who will put out the couch

May 30, 2015



Here’s to my fellow insomniacs, besides PTSD, there’s another reason I have never slept good at night, if the couch catches on fire who will put it out. That was always my job as the oldest child. My father would come home late at night wasted out of his mind and fall asleep on the couch with a cigarette in his mouth or hand, while my mother would be passed out in the bedroom from gin and tranquilizers.

I lost track of how many times the couch caught on fire, what was worse was when I threw a bucket of water on the couch that meant throwing water on a very upset father. So I saved the house from burning down but got punched in the face a few times.

No matter what our past was, God our new father promises to not punch us in the face. When my Chief Master Sergeant led me to the Lord he kept telling me my heavenly father was nothing like my earthly father, that he had good things for me.

We can have peace, sanity and restoration.

John Newton was a wild-living sailor and slave-trader who got saved and became a godly pastor and the author of many hymns, including the beloved, “Amazing Grace.” He said late in his life: “My memory is nearly gone, but I remember two things: that I am a great sinner, and that Christ is a great Savior.”

Even if your past is not as wicked as John Newton’s, you should be growing in your awareness of those two great facts. The longer I am a Christian, the more acutely I am aware of the exceeding wickedness of my own heart. I can identify with the hymn writer, Robert Robinson, who wrote, “Prone to wander, Lord I feel it; prone to leave the God I love.” But, thank God, the more I see my own sinfulness, the more brightly God’s grace shines.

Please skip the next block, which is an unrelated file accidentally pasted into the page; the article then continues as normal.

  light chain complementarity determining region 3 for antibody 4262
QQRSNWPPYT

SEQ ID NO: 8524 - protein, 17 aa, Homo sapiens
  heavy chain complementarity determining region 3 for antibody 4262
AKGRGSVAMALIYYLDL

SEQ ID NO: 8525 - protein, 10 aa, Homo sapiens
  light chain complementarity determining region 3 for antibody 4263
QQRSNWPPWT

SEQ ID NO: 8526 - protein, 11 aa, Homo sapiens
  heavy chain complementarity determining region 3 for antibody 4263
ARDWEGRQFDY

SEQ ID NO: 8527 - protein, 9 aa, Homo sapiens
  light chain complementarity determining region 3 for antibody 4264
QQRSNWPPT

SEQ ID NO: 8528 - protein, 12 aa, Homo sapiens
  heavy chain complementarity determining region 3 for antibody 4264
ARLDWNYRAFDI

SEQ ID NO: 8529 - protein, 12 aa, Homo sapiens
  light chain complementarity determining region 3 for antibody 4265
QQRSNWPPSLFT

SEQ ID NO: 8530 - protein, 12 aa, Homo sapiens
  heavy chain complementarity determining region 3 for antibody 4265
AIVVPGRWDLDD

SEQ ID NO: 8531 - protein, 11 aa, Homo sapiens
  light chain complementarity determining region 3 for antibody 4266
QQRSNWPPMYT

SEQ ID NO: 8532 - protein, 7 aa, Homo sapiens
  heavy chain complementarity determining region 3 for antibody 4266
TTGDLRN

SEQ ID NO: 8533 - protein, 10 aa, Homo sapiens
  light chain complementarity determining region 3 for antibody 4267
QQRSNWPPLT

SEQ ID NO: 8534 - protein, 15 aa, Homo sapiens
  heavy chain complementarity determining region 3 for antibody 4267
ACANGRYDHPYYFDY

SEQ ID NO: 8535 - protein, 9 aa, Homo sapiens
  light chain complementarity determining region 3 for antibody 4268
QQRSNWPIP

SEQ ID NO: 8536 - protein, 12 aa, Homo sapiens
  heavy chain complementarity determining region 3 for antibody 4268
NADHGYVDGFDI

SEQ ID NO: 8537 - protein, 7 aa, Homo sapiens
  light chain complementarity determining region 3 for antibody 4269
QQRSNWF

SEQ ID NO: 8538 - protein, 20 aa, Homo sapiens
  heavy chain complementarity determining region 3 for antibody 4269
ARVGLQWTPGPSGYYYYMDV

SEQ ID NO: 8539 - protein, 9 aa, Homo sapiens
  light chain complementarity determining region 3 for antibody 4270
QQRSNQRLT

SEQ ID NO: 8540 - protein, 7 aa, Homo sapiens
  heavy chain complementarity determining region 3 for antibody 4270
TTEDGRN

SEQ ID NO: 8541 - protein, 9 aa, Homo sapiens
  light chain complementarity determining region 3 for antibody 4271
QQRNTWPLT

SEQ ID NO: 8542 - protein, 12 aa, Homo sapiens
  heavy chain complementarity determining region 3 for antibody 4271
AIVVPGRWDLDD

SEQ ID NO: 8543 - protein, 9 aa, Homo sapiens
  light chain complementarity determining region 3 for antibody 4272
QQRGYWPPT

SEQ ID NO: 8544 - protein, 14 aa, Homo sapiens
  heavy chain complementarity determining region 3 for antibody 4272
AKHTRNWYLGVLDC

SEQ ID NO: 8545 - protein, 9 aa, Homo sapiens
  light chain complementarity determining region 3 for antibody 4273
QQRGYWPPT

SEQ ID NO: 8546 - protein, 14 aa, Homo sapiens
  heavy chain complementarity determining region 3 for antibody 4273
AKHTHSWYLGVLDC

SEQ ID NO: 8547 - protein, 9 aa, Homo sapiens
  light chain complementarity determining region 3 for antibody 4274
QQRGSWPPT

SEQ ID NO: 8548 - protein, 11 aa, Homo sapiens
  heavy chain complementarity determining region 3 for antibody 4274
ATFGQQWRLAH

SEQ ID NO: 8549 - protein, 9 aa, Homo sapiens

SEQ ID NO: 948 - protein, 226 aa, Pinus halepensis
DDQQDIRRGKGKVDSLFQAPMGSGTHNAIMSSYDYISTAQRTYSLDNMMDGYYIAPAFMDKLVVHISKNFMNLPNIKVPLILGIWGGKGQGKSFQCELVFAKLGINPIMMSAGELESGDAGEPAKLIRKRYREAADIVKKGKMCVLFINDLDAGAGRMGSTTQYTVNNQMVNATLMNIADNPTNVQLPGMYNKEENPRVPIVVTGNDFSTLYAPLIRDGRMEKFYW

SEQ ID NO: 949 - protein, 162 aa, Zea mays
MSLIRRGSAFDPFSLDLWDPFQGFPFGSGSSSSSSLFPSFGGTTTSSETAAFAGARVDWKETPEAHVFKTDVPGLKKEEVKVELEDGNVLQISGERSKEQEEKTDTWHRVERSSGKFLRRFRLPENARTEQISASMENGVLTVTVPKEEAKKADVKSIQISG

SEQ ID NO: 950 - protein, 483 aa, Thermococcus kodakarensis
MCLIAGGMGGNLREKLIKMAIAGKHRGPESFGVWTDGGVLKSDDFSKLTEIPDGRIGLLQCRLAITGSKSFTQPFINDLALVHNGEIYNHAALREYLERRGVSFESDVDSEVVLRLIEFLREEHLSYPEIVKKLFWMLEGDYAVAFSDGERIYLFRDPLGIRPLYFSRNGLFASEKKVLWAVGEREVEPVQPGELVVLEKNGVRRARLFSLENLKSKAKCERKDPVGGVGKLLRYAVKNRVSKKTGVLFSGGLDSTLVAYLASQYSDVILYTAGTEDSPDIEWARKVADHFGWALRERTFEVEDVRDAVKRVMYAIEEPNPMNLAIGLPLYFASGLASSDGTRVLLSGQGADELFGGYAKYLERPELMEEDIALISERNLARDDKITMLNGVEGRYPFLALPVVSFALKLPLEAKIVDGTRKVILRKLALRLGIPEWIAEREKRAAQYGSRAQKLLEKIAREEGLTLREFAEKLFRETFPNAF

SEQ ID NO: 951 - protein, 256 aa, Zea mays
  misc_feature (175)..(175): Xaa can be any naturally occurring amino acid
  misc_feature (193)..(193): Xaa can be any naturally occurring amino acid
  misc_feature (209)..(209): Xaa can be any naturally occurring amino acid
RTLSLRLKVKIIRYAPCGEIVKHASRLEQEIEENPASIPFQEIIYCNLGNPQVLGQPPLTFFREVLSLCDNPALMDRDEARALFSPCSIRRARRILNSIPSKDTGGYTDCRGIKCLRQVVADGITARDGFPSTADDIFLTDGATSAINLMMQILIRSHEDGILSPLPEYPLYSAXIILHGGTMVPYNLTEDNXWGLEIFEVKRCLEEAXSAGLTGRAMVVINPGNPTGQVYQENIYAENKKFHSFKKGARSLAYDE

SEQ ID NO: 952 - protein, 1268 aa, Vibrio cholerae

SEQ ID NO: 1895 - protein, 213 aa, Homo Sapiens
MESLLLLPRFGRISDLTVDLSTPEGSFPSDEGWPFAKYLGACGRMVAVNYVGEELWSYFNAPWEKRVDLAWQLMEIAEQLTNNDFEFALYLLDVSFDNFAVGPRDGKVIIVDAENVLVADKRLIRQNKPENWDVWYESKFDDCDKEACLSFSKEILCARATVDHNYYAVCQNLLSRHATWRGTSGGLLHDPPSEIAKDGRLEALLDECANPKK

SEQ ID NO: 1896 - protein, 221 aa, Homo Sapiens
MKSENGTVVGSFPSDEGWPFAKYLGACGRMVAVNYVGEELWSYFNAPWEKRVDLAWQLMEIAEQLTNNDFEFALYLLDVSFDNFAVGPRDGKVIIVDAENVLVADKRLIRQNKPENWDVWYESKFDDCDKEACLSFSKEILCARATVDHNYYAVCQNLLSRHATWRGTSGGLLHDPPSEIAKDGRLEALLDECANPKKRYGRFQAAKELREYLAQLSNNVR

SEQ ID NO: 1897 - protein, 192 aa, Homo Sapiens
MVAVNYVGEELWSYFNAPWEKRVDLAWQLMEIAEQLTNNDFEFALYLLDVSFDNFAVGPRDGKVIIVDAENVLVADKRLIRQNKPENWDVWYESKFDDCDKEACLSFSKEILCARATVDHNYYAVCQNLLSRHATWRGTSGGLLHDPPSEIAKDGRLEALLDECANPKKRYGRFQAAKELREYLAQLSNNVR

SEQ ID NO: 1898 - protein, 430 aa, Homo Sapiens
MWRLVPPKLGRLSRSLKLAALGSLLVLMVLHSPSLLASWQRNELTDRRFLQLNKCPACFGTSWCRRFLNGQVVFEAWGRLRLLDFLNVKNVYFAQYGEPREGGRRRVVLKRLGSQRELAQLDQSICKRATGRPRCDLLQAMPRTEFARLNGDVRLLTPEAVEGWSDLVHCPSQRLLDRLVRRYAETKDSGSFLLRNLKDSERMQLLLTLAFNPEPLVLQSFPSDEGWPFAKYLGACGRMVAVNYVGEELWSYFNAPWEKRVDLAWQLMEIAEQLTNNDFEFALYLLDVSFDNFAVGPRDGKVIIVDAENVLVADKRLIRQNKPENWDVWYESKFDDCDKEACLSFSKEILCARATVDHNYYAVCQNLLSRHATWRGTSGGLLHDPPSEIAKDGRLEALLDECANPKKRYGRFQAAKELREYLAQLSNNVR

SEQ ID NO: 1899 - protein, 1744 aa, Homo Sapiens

The story of Peter’s denials is recorded in Scripture to underscore these two great facts: the weakness and sinfulness of even the most prominent saints; and, the greatness and abundance of God’s love and grace toward those who fail. For those who are walking with the Lord, this story warns us to take heed lest we fall. For any who have fallen, the story holds out the hope of pardon through God’s abundant grace if you will turn back to Him.

Becoming a Christian is a matter of repentance and faith (Acts 20:21), which are flip sides of the same coin. Repentance means turning to God from sin (1 Thes. 1:9). Faith is trusting what Christ has done to pay for our sins on the cross, rather than trusting our own efforts or good works to save us (Eph. 2:8-10). Just as we cannot turn north without turning our backs on the south, so we cannot turn to a holy God for salvation without turning our backs on any known sin in our lives.

We cannot trust in Christ to save us without repudiating trust in our own efforts to save ourselves.

But the repentance and faith which save us do not put us in a protective bubble so that we are free from all sin until we get to heaven. The Christian life begins with repentance and faith, but it also continues with repentance and faith on a daily basis whenever we sin or when God’s Word opens our eyes to sin that we previously were not aware of. If a person is not walking in repentance and faith, there is reason to doubt whether he truly knows Christ.

There is no such thing as a spiritual blowout; there are only slow leaks. When you examine any spiritual failure, you always discover that there has been a slow spiritual decline. It was probably in secret. We keep up the outer appearances. We continued to look the part of a godly man. But in our heart, we were not judging sin. We give up evaluating our lives in light of Scripture. Slowly the air was leaking out of our spiritual tires, but we didn’t see it until they were flat.

Yet after each stumble God waits patiently for us to remember his mercy, his love and his forgiveness.

Sometime we set our own couches on fire, we are our own worst enemy.

Are you spiritually passed out?

We need to repair the leaks, put out the fires and live godly lives.

Can you do it?

Yes you can.

Send your prayer requests to scumlikeuschurch@gmail.com

One Response to “who will put out the couch”

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